Narayani Currency

When from use of currency came in vogue in the ancient Pragjyotispur or Kamrup is not exactly known. Emperor Samudragupta, Kings of Hun dynasty, Pal & Sen dynasties ruled over Kamrup over decades. But no currency belonging to their age was discovered in this region. A few coins were discovered in 1863 A.D. near Gosanimari Kasteswari Temple contained within ancient kingdom of Kamtapur. Of them currency belonging to Hosen Shah and Pathan Sultan of Delhi were identified. But no currency of King Nilambar of Kamtapur could be traced. Maharaja Viswa Singha became the king of Kamtapur after Nilambar. But there is no trace of Maharaja's currency. He was descended by Maharaja Nara Narayan. Few silver coins of his time (1554 - 1587 A.D.) has been discovered.

The currency of the Koch Kings were named as "Narayani" after the royal surname "Narayan" of the dynasty. Those currency were in vogue in entire North Bengal including states of Nepal, Bhutan, Sikkim and Assam. In 1773 A.D., when princely state of Cooch Behar was transformed into a friendly state of the British, about 40 - 50 thousand Narayani silver coins used to be issued in the village of Takagachh under the "Bhandar Thakur". While entering into agreement with East India Company, Maharaja of Cooch Behar tried to retain the power/authority to issue currency in His name. In 1774 A.D. Governor General and Revenue Council notified ban on acceptance of Narayani currency. At that time in Rangpur region use of Sikka, Narayani, Parsi, Arkot currency were in practice. Finally during the time of minor Maharaja Harendra Narayan British officials totally stopped the use of Narayani currency. After that on 27th December 1845 A.D. Indian Government commanded the British Agent to shut down the mint at Cooch Behar. In 1866 British Government made it mandatory by law to use its own issued currency.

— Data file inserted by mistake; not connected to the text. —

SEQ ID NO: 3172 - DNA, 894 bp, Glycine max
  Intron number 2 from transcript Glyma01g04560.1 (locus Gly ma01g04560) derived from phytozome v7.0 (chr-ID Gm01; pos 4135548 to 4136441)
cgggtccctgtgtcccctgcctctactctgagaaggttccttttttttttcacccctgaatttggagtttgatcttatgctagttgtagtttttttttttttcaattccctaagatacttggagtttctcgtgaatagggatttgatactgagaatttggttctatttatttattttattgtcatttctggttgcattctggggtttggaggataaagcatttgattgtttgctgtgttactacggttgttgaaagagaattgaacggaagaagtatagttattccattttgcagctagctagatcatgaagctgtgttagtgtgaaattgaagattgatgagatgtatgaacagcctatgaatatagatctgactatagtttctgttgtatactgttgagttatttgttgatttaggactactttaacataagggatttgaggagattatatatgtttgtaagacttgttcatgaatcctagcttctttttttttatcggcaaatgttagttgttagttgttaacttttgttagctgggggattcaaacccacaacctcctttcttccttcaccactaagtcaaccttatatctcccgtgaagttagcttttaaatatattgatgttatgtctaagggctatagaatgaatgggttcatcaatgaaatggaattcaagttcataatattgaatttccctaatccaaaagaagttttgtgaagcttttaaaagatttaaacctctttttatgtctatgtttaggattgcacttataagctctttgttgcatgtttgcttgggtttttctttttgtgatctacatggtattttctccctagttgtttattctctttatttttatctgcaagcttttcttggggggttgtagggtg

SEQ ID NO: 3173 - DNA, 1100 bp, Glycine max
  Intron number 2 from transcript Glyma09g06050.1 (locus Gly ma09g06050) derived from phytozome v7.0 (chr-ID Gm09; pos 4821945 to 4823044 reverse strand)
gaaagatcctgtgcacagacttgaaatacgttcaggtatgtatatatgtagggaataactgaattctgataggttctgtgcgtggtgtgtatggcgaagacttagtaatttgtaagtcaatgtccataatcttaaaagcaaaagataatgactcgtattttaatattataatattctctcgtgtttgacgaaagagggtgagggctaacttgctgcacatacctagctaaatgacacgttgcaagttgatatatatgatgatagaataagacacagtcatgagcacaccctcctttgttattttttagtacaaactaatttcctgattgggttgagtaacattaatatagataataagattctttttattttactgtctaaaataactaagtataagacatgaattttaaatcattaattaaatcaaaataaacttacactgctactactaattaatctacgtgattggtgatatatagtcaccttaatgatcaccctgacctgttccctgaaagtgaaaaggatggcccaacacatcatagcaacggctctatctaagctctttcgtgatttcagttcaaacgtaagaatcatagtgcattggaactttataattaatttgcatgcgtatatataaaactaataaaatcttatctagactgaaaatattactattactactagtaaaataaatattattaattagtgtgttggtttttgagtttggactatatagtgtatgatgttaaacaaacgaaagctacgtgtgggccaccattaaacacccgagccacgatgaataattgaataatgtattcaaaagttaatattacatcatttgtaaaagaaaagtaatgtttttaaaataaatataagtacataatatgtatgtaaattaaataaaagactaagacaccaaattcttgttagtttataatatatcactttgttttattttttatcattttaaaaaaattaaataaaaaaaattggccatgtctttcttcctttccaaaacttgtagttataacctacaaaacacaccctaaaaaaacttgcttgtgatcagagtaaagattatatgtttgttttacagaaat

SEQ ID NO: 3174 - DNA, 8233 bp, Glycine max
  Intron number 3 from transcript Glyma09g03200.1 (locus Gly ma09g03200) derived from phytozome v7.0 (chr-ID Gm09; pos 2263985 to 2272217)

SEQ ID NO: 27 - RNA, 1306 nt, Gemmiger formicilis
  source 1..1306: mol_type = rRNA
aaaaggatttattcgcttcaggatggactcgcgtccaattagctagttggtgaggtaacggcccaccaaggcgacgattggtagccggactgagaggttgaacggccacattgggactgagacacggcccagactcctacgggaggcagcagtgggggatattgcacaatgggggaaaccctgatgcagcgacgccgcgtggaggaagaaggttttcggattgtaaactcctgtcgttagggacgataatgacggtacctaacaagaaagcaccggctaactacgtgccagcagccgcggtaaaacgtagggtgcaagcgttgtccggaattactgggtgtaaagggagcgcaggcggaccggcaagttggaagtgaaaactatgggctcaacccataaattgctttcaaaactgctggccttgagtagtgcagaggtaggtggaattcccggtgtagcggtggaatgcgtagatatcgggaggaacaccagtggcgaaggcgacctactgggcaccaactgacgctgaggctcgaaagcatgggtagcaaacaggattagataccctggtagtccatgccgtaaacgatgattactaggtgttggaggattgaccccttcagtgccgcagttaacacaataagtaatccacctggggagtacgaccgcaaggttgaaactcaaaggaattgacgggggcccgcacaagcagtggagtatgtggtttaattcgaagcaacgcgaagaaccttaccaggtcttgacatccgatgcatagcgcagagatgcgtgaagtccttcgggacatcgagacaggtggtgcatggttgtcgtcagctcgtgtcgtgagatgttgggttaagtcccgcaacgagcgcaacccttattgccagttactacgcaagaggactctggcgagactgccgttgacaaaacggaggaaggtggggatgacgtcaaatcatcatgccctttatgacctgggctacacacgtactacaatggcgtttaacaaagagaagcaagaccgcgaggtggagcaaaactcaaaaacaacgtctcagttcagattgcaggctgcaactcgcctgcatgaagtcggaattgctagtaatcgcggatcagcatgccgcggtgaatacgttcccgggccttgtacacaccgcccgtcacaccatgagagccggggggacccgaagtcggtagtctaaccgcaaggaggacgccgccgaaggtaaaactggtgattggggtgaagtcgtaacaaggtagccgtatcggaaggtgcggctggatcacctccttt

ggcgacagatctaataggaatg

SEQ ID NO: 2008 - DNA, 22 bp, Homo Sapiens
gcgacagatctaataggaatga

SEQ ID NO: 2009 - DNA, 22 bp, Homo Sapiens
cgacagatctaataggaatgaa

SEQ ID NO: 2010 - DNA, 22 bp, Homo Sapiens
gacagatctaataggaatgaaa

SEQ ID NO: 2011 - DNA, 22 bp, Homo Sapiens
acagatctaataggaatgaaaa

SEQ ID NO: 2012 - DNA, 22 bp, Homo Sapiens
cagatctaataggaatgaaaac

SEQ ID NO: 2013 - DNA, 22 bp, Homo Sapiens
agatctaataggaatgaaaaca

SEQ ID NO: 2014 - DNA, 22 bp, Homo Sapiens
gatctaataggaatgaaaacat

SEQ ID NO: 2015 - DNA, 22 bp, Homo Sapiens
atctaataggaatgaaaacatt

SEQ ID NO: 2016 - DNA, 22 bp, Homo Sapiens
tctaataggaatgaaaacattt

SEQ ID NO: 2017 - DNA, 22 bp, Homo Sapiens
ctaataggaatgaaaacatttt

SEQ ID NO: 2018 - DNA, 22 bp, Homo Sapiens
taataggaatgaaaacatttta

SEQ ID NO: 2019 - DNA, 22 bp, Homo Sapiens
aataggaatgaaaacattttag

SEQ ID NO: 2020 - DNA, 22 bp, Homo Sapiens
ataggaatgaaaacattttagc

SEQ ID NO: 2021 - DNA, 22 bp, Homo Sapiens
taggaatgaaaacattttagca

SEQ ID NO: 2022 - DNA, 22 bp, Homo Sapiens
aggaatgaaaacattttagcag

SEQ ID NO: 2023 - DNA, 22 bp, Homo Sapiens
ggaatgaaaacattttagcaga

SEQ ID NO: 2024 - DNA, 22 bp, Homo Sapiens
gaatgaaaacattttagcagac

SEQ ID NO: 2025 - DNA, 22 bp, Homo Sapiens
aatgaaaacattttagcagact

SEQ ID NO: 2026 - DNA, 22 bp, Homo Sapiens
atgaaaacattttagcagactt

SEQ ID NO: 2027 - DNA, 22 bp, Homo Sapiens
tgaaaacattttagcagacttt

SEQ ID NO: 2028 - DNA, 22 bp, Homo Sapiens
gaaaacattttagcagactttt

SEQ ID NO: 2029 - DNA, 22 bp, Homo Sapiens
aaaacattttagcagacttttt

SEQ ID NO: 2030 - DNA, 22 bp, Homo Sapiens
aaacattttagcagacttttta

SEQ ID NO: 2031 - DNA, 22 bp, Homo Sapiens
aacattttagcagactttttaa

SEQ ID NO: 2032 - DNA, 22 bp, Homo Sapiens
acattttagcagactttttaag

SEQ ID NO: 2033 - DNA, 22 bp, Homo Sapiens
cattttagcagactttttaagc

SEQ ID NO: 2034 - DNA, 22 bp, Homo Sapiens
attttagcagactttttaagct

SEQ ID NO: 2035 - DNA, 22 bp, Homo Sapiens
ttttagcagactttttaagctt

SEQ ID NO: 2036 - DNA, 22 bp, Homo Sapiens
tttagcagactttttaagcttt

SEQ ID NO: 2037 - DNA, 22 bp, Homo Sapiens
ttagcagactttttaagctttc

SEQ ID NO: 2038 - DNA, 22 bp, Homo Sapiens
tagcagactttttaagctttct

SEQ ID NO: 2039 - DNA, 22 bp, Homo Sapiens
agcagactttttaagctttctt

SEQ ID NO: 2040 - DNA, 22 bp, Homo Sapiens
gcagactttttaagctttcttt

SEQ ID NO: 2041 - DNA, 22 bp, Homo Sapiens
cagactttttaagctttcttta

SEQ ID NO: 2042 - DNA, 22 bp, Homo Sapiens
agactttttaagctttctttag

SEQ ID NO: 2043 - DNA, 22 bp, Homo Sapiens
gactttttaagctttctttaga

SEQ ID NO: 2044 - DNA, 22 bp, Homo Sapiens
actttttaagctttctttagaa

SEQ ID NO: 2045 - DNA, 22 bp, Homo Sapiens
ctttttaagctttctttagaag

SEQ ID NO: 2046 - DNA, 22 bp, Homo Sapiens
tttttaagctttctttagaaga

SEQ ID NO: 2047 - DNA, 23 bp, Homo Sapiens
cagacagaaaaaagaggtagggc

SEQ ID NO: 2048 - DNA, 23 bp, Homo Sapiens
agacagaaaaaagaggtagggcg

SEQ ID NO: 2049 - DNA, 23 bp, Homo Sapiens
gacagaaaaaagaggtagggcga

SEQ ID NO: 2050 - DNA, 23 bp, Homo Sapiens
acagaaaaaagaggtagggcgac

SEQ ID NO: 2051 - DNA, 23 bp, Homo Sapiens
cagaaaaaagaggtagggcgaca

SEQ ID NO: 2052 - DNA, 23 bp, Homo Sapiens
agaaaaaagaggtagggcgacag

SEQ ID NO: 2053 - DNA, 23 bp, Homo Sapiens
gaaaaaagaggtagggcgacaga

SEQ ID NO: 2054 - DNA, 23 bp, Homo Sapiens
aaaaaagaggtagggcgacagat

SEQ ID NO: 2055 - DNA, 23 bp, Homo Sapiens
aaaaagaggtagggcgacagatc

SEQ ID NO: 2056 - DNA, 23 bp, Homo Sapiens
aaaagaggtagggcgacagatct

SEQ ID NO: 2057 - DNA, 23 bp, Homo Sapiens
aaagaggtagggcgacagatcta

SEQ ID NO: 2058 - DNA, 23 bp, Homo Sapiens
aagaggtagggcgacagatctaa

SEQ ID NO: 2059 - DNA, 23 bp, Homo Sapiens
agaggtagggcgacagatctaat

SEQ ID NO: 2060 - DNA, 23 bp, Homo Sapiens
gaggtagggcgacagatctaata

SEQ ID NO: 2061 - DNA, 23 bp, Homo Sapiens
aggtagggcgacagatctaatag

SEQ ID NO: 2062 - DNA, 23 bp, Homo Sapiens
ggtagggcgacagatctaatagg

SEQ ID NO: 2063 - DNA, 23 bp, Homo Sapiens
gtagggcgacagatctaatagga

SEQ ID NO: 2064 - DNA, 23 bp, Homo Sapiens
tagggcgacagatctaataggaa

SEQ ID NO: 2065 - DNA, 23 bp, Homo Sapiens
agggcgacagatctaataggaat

• Rules Saka 1477-1509, AD 1555-1587
  • Rules Saka 1509-1548, AD 1587-1627
  • Rajsaka 78-118 Cooch Behar era
  • Rules Saka 1510-1525, AD 1588-1603
    in the Eastern Kingdom
  • Rules Saka 1525-1535, AD 1603-1613
    in the Eastern Kingdom
  • Rules Saka 1548-1633, AD 1627-1633
  • Rajsaka 117-156
    in the western Koch Kingdom
  • Rules AD 1633-1665
  • Rules AD 1661-1663
  • Rules AD 1665-1681
  • Rules AD 1681-1683
  • Rules AD 1683-1695
  • Rules AD 1695-1715
  • Rules AD 1715-1763
  • Rules AD 1763-1765
  • Rules AD 1765-1770
  • Rules AD 1770-1772
  • Rules AD 1772-1775
  • Rules AD 1775-1783 2nd time
  • Rules AD 1783-1839
  • Rules AD 1839-1847
  • Rules AD 1847-1863
  • Rules AD 1863-1911
  • Rules AD 1911-1913
  • Rules AD 1913-1922
  • Rules AD 1922 -1949
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It was in the early 16th century that some Koch tribals established control over the area of the old Hindu kingdom of Kamata, which had been destroyed by Husain Shah of Bengal in the 1490s.

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